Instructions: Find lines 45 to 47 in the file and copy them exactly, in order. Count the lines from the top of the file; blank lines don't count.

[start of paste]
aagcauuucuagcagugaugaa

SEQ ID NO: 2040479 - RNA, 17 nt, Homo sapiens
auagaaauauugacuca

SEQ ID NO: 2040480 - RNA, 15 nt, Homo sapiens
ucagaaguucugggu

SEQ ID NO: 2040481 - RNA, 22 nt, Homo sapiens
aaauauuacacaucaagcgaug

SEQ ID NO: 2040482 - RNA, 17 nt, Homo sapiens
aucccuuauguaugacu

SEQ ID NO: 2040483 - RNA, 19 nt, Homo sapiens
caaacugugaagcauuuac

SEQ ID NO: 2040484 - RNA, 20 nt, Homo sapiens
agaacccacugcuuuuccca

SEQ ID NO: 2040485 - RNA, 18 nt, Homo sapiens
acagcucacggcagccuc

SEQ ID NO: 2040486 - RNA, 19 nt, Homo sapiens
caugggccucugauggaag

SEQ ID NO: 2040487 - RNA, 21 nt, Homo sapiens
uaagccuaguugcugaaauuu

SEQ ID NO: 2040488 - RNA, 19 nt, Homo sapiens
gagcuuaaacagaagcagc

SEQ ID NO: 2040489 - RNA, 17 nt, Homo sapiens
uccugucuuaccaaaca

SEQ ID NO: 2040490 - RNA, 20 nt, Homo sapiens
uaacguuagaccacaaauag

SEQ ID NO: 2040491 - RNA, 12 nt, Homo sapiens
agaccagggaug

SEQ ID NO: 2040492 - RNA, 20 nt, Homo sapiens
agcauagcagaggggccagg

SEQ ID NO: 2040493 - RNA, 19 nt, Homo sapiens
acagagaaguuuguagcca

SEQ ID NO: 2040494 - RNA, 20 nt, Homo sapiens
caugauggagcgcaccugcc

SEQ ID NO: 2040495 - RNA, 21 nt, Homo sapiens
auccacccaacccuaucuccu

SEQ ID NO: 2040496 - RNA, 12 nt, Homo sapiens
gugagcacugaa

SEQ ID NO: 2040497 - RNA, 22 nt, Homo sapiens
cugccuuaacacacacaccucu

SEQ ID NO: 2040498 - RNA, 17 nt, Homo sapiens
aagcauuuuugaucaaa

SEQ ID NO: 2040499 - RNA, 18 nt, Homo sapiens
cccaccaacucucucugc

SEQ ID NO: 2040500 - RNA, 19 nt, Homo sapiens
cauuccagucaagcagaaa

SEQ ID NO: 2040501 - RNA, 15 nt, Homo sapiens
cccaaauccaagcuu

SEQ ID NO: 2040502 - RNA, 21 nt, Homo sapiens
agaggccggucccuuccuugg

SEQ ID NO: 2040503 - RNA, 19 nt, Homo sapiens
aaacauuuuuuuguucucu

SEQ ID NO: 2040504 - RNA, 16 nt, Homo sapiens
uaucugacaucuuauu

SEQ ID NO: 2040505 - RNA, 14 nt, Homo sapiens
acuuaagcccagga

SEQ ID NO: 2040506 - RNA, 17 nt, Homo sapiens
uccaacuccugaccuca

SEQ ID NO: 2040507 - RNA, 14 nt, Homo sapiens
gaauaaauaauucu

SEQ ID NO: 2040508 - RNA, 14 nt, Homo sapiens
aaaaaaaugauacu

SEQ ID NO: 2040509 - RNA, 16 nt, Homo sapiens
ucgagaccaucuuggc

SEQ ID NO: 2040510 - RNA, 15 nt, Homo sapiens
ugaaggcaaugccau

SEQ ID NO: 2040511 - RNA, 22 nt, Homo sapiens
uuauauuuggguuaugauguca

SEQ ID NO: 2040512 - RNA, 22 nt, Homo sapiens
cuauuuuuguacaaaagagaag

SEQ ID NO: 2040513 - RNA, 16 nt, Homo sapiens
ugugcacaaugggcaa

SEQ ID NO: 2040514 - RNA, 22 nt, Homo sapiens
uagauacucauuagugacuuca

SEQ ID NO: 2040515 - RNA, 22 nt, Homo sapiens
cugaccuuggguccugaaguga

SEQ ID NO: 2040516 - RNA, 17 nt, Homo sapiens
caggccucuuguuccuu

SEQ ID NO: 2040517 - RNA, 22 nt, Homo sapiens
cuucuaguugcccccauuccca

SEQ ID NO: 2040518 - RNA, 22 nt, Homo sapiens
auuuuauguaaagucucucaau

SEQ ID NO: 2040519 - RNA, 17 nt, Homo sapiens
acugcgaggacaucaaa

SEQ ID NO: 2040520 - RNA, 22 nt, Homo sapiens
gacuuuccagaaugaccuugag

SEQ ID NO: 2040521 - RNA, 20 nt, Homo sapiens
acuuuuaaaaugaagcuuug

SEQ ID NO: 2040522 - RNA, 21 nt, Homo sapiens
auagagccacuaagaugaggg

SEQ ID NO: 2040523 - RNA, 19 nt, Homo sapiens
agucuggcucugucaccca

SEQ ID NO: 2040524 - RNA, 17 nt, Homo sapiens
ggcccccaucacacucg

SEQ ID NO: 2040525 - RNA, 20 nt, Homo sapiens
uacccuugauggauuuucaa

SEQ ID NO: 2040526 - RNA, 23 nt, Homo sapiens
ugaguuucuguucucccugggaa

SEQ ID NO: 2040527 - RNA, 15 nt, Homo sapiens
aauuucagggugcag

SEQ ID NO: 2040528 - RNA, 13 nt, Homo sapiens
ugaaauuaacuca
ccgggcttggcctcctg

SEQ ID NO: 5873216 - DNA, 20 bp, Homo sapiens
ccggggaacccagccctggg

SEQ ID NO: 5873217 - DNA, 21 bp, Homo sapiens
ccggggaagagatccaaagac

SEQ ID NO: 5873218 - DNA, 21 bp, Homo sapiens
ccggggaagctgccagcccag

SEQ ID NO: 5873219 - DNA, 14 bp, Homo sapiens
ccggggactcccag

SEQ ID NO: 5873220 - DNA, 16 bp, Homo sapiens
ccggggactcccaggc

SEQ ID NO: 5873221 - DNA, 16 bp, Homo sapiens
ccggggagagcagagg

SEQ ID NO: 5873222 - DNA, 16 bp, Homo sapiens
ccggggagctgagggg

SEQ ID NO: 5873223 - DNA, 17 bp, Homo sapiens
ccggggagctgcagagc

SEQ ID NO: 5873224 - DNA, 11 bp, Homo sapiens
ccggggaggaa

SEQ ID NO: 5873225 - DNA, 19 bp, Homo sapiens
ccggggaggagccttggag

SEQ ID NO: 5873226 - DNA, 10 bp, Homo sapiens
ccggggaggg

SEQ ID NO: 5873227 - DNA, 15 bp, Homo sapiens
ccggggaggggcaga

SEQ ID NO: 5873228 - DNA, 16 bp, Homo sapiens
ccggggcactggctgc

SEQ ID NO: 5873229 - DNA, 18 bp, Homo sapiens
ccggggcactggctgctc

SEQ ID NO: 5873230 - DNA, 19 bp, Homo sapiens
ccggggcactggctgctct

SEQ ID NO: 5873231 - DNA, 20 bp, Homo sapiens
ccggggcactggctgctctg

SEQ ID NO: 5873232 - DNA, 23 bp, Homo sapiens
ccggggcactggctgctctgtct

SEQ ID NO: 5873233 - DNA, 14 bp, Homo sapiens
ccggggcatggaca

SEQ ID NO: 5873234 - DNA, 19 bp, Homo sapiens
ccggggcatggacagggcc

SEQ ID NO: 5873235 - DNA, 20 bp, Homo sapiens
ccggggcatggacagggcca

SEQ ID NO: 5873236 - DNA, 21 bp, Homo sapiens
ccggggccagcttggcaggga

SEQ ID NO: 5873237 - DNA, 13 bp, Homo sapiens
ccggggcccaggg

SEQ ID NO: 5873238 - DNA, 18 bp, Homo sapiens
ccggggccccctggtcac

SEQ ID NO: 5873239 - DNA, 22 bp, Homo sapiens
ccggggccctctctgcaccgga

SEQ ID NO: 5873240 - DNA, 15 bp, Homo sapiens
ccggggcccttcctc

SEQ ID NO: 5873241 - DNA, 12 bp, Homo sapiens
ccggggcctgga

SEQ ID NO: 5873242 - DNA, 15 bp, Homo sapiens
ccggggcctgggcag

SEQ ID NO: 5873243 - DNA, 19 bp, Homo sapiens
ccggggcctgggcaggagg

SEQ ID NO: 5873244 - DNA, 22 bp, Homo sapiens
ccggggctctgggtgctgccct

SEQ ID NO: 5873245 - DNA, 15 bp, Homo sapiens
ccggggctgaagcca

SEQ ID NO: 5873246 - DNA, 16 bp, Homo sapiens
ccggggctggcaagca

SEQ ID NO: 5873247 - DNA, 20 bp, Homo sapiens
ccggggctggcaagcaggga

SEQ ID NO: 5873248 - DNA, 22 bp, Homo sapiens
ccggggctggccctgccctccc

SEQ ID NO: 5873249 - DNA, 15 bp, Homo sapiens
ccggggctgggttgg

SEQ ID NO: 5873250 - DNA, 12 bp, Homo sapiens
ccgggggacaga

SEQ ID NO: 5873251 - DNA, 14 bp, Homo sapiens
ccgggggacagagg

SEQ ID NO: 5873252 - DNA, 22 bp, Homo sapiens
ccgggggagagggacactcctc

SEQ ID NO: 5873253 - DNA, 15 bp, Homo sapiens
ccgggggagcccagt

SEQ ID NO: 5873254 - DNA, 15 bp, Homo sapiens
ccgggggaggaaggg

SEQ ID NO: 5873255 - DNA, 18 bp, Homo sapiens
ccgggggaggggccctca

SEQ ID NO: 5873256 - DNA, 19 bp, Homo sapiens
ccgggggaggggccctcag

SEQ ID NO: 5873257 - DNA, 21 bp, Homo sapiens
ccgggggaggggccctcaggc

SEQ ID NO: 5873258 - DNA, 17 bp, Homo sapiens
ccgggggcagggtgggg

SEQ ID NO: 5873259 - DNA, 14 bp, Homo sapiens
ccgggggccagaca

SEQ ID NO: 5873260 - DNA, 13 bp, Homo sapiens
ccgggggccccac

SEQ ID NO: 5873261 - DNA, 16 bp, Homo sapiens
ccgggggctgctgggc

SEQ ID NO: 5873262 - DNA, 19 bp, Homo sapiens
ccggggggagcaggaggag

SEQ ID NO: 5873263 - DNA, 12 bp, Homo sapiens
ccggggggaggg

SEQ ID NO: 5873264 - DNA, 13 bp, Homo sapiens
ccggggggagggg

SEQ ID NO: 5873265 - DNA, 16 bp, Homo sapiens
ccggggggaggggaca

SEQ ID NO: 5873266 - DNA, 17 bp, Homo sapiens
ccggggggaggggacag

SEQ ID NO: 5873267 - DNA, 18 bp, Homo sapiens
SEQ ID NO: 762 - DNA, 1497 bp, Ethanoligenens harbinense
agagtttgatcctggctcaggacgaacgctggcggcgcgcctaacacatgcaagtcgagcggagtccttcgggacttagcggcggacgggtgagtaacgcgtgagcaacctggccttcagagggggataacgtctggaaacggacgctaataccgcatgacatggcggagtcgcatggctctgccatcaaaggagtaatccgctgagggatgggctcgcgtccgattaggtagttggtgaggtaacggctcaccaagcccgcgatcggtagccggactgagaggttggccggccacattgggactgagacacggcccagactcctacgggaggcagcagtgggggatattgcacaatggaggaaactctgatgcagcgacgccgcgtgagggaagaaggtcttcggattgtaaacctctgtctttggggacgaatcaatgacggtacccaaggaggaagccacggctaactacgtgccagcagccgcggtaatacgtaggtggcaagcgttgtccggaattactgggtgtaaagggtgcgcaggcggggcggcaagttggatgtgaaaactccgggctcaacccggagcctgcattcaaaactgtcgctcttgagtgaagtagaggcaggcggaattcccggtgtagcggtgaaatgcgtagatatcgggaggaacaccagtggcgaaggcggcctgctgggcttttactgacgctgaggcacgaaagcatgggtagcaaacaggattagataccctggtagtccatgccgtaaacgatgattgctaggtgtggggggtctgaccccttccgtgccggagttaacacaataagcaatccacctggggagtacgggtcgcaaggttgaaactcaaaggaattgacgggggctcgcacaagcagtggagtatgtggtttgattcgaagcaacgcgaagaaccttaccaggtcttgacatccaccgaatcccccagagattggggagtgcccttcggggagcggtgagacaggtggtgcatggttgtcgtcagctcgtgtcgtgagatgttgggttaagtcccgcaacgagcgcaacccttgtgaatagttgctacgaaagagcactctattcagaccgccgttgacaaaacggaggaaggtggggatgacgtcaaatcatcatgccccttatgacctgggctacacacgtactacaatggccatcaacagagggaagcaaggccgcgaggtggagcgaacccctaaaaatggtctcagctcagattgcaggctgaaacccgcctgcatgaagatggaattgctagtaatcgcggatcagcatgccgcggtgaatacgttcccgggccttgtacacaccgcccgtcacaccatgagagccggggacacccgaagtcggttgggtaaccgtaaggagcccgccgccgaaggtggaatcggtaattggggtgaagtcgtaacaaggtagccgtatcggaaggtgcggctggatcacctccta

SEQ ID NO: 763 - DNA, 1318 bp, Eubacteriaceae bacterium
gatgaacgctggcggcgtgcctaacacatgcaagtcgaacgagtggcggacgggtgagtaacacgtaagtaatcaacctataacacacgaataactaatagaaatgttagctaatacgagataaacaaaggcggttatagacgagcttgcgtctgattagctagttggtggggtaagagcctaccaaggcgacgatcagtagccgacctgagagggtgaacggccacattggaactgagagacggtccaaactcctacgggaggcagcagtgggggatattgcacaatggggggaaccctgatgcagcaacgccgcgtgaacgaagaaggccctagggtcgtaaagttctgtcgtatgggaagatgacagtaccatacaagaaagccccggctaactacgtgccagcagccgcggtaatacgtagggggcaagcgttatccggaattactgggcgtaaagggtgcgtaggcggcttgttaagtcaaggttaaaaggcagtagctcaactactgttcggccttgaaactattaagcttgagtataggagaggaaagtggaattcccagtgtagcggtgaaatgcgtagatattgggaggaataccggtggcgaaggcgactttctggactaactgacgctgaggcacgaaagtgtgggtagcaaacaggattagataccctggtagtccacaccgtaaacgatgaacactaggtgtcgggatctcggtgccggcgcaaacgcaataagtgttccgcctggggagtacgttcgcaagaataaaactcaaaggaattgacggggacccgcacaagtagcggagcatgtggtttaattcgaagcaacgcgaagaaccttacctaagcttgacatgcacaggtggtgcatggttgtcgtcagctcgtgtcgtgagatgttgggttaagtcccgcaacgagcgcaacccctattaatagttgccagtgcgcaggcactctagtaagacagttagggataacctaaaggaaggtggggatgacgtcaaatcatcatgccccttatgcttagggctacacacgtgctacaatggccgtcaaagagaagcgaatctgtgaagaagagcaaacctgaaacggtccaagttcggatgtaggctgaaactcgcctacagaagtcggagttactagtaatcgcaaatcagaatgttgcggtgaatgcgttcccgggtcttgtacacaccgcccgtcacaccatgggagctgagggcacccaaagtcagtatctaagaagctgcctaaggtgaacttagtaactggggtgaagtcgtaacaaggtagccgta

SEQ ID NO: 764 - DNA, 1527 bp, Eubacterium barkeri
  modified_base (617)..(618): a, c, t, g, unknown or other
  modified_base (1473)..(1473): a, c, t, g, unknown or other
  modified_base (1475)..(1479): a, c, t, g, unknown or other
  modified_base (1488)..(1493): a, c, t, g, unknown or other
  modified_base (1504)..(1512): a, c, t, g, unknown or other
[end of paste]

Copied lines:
cauuccagucaagcagaaa

SEQ ID NO: 2040501 - RNA, 15 nt, Homo sapiens
cccaaauccaagcuu